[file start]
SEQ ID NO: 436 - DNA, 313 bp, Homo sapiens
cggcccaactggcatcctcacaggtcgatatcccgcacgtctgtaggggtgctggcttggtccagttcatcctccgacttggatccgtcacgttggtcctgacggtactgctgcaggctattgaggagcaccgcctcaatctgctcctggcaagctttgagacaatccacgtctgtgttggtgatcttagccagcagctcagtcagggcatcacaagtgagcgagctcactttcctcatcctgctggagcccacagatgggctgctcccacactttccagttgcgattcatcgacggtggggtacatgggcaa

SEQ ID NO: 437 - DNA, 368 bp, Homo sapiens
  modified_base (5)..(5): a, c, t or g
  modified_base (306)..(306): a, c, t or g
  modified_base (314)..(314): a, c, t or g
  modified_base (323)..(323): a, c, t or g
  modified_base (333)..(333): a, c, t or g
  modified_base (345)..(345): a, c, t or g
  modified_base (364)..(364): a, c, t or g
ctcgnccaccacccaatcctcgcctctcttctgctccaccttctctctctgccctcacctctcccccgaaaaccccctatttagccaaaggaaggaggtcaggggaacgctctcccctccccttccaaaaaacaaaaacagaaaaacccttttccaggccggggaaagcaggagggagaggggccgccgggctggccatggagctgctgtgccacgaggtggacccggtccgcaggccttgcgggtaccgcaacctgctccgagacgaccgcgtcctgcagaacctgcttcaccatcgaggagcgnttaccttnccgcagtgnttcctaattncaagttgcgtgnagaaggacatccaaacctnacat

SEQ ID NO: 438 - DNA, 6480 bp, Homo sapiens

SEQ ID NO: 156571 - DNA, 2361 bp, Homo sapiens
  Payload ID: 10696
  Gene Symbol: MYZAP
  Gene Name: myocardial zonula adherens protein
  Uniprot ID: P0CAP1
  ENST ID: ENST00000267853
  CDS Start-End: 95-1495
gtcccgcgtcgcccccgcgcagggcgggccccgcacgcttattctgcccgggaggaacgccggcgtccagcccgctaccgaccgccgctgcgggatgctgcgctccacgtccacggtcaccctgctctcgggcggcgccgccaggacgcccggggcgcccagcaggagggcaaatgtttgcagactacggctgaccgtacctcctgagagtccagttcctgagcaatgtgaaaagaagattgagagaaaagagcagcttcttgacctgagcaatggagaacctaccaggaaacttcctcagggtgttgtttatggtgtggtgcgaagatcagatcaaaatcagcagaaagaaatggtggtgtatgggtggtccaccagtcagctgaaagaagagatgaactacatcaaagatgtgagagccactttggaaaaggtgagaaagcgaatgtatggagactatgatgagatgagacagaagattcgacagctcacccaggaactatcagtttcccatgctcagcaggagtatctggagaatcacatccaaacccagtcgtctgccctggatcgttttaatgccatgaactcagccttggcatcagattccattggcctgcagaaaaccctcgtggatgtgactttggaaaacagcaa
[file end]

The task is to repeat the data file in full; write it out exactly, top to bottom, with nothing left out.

SEQ ID NO: 436 - DNA, 313 bp, Homo sapiens
cggcccaactggcatcctcacaggtcgatatcccgcacgtctgtaggggtgctggcttggtccagttcatcctccgacttggatccgtcacgttggtcctgacggtactgctgcaggctattgaggagcaccgcctcaatctgctcctggcaagctttgagacaatccacgtctgtgttggtgatcttagccagcagctcagtcagggcatcacaagtgagcgagctcactttcctcatcctgctggagcccacagatgggctgctcccacactttccagttgcgattcatcgacggtggggtacatgggcaa

SEQ ID NO: 437 - DNA, 368 bp, Homo sapiens
  modified_base (5)..(5): a, c, t or g
  modified_base (306)..(306): a, c, t or g
  modified_base (314)..(314): a, c, t or g
  modified_base (323)..(323): a, c, t or g
  modified_base (333)..(333): a, c, t or g
  modified_base (345)..(345): a, c, t or g
  modified_base (364)..(364): a, c, t or g
ctcgnccaccacccaatcctcgcctctcttctgctccaccttctctctctgccctcacctctcccccgaaaaccccctatttagccaaaggaaggaggtcaggggaacgctctcccctccccttccaaaaaacaaaaacagaaaaacccttttccaggccggggaaagcaggagggagaggggccgccgggctggccatggagctgctgtgccacgaggtggacccggtccgcaggccttgcgggtaccgcaacctgctccgagacgaccgcgtcctgcagaacctgcttcaccatcgaggagcgnttaccttnccgcagtgnttcctaattncaagttgcgtgnagaaggacatccaaacctnacat

SEQ ID NO: 438 - DNA, 6480 bp, Homo sapiens

SEQ ID NO: 156571 - DNA, 2361 bp, Homo sapiens
  Payload ID: 10696
  Gene Symbol: MYZAP
  Gene Name: myocardial zonula adherens protein
  Uniprot ID: P0CAP1
  ENST ID: ENST00000267853
  CDS Start-End: 95-1495
gtcccgcgtcgcccccgcgcagggcgggccccgcacgcttattctgcccgggaggaacgccggcgtccagcccgctaccgaccgccgctgcgggatgctgcgctccacgtccacggtcaccctgctctcgggcggcgccgccaggacgcccggggcgcccagcaggagggcaaatgtttgcagactacggctgaccgtacctcctgagagtccagttcctgagcaatgtgaaaagaagattgagagaaaagagcagcttcttgacctgagcaatggagaacctaccaggaaacttcctcagggtgttgtttatggtgtggtgcgaagatcagatcaaaatcagcagaaagaaatggtggtgtatgggtggtccaccagtcagctgaaagaagagatgaactacatcaaagatgtgagagccactttggaaaaggtgagaaagcgaatgtatggagactatgatgagatgagacagaagattcgacagctcacccaggaactatcagtttcccatgctcagcaggagtatctggagaatcacatccaaacccagtcgtctgccctggatcgttttaatgccatgaactcagccttggcatcagattccattggcctgcagaaaaccctcgtggatgtgactttggaaaacagcaa